CPRIT-funded Research from the University of Texas MD Anderson Cancer Center presented at the 2013 AACR Annual Meeting suggests a key to sort out issues of p53 inactivation.
Associate professor at MD Anderson’s Department of Biochemistry and Molecular Biology Elsa Flores suggested that the inactivation of the p53 tumor suppressor gene is linked to the activity of p63 and p73. Research conducted in mice with induced p53 suppression confirmed that knocking out the iso-forms of p63 and p73 can help in restoration of tumor suppressor activity of p53.
“In many cancers, the tumor-suppressor p53 is inactivated by genetic mutations or is deleted outright, damage that is exploited by cancer to develop and grow. We can use the other family members to compensate for the loss of p53 as we learn more about them and how they function.”
The tumor suppressor gene p53 was first identified in 1979 as an essential component of an anti-tumor squad of the human body that controls and modulates the activity of all cells, identifying cells with genetic mutations and inducing programmed cell death in cells with irreparable DNA damage to prevent the division/growth of abnormal cells.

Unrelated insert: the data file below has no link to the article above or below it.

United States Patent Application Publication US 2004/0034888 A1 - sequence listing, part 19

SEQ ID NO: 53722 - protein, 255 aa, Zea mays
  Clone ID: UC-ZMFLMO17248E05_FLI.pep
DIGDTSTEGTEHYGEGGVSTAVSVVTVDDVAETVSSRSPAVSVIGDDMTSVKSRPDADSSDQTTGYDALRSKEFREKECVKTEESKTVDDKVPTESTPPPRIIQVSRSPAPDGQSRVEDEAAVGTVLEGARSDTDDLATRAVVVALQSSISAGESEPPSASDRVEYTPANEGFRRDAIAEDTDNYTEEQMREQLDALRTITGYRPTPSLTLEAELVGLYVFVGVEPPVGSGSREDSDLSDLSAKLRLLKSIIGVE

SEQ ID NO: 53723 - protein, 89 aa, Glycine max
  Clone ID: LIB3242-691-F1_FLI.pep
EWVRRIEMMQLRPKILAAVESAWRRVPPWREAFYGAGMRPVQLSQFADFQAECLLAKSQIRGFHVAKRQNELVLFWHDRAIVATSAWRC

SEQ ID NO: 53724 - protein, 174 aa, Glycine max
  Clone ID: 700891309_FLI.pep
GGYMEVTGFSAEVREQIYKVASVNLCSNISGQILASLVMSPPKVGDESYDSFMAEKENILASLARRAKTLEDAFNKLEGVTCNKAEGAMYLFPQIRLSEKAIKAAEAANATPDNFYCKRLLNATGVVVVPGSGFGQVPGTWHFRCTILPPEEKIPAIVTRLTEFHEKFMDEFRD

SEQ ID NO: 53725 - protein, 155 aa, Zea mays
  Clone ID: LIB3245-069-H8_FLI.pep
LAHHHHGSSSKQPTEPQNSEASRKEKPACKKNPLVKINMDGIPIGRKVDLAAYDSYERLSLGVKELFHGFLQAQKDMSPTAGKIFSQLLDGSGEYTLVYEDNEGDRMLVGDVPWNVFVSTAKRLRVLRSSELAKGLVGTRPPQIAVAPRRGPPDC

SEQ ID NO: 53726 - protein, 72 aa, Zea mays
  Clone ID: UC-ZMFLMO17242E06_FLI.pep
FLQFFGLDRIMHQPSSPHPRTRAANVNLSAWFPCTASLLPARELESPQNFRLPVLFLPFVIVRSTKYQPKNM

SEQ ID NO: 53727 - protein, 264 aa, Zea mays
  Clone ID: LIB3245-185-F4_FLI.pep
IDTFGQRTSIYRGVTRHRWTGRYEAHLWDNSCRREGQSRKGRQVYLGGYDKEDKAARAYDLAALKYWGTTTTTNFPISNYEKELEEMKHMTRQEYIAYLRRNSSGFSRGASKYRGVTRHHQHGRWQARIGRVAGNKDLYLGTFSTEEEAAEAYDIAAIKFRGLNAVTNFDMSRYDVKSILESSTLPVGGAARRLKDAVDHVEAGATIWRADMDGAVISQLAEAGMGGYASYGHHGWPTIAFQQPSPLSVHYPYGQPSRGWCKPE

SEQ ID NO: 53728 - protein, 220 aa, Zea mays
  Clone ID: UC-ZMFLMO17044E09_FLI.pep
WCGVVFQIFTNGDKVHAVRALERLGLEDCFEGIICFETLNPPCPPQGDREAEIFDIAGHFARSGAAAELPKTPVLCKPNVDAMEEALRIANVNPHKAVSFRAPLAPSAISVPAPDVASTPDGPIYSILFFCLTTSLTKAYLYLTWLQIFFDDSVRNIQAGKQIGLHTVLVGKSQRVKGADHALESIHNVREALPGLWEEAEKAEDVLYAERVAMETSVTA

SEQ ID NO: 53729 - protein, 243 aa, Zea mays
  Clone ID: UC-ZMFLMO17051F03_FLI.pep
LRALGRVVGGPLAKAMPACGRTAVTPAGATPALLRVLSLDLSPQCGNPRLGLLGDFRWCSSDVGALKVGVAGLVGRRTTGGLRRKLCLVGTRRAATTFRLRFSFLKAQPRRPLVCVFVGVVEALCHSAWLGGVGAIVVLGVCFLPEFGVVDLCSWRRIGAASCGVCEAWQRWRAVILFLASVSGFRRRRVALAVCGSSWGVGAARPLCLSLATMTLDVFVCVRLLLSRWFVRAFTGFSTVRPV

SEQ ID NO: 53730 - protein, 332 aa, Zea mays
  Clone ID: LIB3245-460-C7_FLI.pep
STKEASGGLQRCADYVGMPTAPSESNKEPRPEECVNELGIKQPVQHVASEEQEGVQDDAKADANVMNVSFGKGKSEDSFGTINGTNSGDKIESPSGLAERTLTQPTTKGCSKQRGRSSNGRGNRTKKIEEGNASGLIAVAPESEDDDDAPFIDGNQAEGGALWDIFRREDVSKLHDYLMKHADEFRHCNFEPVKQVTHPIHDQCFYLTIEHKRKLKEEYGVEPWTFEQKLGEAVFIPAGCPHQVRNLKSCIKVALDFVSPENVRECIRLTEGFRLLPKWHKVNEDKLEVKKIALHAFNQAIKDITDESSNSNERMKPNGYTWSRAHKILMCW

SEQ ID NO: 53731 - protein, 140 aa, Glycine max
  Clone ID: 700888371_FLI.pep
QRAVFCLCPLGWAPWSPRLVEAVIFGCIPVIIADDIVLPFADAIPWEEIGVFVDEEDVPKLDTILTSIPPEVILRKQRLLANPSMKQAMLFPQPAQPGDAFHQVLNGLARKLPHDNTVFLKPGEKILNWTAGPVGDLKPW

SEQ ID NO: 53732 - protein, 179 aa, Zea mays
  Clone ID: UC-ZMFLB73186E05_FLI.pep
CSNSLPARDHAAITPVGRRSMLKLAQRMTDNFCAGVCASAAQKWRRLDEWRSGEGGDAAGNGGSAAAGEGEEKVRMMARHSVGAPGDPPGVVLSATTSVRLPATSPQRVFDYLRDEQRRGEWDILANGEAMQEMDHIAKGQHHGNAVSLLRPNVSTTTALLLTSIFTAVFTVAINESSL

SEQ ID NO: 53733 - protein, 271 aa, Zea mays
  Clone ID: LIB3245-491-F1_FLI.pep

P63 and p73 genes were discovered in 1997 via the Human Genome Project and both the genes were identified as functionally similar to p53. However, Flores and her associates discovered that there are two isoforms of p63 and p73. This includes the transactivation versions (TAp63 and TAp73) that functions as a tumor suppressor gene just like p53 and the Delta-N versions (ΔNp63 and ΔNp73 that acts as tumor promoting genes (by deactivating or suppressing the activity of proto-oncogenes like p53).
Laboratory study and spectacular discoveries:
Flores and colleagues knocked down p63 and p73 in mice that has no p53 activity (with active thymic lymphoma). The inactivation of p63 and p73 improved the rate of tumor cell death by targeted cellular killing via tumor suppressor genes. To further ascertain the significance, Flores further injected adenoviral-CRE in the thymus to kill the p63 and p73 genes and identified that the tumor shrink within 3 weeks. The research team further identified that:
– ΔNp63 and ΔNp73 has the capacity to suppress the activity of its other isomer, TAp63 and TAp73 to decrease tumor suppression activity.
– Similar studies conducted in human models suggests that deactivation of ΔNp63 and ΔNp73 can initiate cell cycle arrest and programmed cell death (apoptosis) in tissues that are p53 deficient. Moreover, mutated p53 itself prevents the activation of tumor suppressor activity by TAp63 and TAp73.
Flores and associates are now working at developing strategies to study the effects of mutated p53 to control the gene in susceptible individuals.